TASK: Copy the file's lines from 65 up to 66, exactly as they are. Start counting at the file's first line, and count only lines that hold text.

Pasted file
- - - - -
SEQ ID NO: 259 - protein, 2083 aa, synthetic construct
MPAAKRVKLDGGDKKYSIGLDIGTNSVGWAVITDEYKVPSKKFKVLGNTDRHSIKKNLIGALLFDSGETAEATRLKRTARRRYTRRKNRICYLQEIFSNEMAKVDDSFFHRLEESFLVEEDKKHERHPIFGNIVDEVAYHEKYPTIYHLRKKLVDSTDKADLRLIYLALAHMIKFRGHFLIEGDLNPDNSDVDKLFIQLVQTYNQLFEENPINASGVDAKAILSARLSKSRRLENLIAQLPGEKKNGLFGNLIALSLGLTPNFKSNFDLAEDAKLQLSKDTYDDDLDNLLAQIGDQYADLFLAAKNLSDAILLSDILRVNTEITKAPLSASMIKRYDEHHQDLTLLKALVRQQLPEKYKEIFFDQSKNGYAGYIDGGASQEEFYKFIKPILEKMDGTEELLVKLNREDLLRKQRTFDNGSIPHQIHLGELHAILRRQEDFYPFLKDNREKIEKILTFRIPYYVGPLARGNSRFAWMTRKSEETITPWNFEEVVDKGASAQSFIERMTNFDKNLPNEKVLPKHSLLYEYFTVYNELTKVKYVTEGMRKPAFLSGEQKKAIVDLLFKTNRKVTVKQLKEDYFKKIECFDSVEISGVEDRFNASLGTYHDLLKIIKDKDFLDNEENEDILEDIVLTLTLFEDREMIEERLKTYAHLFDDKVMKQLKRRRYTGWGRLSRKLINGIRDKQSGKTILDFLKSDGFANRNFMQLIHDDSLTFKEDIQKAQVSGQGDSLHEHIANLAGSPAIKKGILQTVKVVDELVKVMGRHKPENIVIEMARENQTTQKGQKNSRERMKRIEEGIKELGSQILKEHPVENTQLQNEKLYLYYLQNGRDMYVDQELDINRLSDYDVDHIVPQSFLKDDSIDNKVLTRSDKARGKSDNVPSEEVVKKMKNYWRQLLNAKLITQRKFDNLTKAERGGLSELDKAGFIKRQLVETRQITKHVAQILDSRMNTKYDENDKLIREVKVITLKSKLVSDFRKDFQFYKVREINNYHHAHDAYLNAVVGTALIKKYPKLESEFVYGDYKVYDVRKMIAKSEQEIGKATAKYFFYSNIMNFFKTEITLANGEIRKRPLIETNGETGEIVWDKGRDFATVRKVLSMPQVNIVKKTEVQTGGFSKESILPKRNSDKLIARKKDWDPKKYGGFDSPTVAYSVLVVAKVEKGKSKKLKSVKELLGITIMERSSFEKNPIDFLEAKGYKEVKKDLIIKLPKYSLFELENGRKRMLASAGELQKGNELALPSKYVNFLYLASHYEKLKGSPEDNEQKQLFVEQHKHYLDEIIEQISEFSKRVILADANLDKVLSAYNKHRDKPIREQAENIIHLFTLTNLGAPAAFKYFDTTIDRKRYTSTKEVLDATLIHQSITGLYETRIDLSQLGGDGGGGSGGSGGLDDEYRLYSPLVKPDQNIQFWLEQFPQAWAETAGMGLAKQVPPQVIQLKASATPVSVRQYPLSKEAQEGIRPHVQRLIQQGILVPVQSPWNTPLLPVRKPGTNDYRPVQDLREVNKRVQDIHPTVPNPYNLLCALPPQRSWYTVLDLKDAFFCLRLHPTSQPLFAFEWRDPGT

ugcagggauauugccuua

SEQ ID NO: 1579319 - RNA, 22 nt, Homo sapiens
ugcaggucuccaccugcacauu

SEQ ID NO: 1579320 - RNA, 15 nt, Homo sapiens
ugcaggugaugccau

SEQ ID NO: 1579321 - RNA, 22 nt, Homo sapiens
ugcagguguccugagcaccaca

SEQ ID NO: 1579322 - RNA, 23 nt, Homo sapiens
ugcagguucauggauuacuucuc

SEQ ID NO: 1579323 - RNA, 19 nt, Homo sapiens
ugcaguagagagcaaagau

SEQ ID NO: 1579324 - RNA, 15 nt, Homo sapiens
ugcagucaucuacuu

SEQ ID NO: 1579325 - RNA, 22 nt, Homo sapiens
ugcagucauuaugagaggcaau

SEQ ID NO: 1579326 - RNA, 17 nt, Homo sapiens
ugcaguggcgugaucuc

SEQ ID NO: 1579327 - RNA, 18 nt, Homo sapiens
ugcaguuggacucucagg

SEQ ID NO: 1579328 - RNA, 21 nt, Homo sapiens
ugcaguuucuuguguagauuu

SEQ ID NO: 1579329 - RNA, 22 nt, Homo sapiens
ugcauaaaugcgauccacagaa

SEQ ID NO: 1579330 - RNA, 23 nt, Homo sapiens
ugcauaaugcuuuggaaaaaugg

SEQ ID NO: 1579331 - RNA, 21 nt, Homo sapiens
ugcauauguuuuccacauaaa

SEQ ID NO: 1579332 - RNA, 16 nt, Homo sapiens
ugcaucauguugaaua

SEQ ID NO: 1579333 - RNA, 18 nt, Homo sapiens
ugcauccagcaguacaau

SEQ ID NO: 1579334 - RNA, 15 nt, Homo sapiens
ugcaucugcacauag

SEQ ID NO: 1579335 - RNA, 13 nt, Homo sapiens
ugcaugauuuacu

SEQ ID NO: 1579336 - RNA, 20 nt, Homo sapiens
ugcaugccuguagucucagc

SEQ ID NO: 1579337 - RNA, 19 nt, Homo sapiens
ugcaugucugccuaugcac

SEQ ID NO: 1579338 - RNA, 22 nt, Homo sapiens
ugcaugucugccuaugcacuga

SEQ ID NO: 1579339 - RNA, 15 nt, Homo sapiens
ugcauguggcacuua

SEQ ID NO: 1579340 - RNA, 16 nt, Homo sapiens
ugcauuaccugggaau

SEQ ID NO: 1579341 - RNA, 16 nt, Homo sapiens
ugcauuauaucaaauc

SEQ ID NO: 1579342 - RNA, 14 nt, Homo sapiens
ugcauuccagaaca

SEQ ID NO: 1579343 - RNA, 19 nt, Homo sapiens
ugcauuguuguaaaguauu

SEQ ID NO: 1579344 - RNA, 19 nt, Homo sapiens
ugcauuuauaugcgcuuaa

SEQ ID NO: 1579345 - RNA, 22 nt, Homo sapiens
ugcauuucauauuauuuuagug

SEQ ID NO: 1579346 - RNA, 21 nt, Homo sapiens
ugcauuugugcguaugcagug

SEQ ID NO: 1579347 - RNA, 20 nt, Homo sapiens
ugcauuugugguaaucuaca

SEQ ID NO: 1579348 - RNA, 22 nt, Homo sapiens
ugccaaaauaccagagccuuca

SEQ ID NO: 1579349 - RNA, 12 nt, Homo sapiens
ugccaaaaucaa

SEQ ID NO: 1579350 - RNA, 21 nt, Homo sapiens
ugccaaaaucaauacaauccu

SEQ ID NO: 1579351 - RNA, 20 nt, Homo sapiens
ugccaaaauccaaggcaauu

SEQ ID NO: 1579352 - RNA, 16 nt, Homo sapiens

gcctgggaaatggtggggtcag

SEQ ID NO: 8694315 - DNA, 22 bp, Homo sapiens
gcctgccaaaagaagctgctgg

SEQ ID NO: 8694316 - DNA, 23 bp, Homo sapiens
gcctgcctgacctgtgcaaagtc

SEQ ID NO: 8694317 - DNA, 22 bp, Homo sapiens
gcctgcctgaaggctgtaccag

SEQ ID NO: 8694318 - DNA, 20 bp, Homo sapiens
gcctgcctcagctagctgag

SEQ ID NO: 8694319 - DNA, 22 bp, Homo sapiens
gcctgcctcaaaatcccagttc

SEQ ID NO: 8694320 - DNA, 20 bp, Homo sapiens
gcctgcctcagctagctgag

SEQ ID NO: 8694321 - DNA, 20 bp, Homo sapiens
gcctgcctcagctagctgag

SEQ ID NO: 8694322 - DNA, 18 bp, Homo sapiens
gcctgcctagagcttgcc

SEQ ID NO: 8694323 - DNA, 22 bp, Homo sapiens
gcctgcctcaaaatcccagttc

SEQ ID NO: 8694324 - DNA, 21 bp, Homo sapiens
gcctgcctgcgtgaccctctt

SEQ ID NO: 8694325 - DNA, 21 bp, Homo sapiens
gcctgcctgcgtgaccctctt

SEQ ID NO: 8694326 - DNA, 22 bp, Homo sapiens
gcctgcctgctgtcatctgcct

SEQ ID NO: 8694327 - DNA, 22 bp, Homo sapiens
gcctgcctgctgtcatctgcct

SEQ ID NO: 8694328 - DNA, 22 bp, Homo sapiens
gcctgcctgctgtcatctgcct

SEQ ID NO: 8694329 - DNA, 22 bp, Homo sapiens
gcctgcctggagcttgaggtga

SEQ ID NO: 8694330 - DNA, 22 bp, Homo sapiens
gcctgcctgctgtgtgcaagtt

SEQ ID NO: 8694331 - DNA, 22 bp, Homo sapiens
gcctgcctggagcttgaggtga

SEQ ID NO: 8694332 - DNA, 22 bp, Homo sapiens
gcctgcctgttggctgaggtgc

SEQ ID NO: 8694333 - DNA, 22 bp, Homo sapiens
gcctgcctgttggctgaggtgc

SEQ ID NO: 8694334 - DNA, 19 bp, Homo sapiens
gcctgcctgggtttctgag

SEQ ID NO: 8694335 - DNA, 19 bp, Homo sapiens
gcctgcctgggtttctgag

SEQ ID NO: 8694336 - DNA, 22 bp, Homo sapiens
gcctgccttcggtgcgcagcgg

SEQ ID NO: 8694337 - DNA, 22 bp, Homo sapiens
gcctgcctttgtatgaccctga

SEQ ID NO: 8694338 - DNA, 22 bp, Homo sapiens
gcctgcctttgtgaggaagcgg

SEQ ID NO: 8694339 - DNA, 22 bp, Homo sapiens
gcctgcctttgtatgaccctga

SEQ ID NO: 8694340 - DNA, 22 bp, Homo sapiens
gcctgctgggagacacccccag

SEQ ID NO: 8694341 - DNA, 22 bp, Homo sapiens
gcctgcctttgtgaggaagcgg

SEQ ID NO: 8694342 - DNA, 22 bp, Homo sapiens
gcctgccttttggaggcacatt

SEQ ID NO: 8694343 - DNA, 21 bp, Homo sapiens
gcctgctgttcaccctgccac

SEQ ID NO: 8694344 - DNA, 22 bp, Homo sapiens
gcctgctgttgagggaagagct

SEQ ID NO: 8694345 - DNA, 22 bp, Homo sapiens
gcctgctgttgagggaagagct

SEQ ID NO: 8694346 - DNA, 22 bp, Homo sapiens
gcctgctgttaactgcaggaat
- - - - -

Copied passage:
ugccaaaaucaa

SEQ ID NO: 1579350 - RNA, 21 nt, Homo sapiens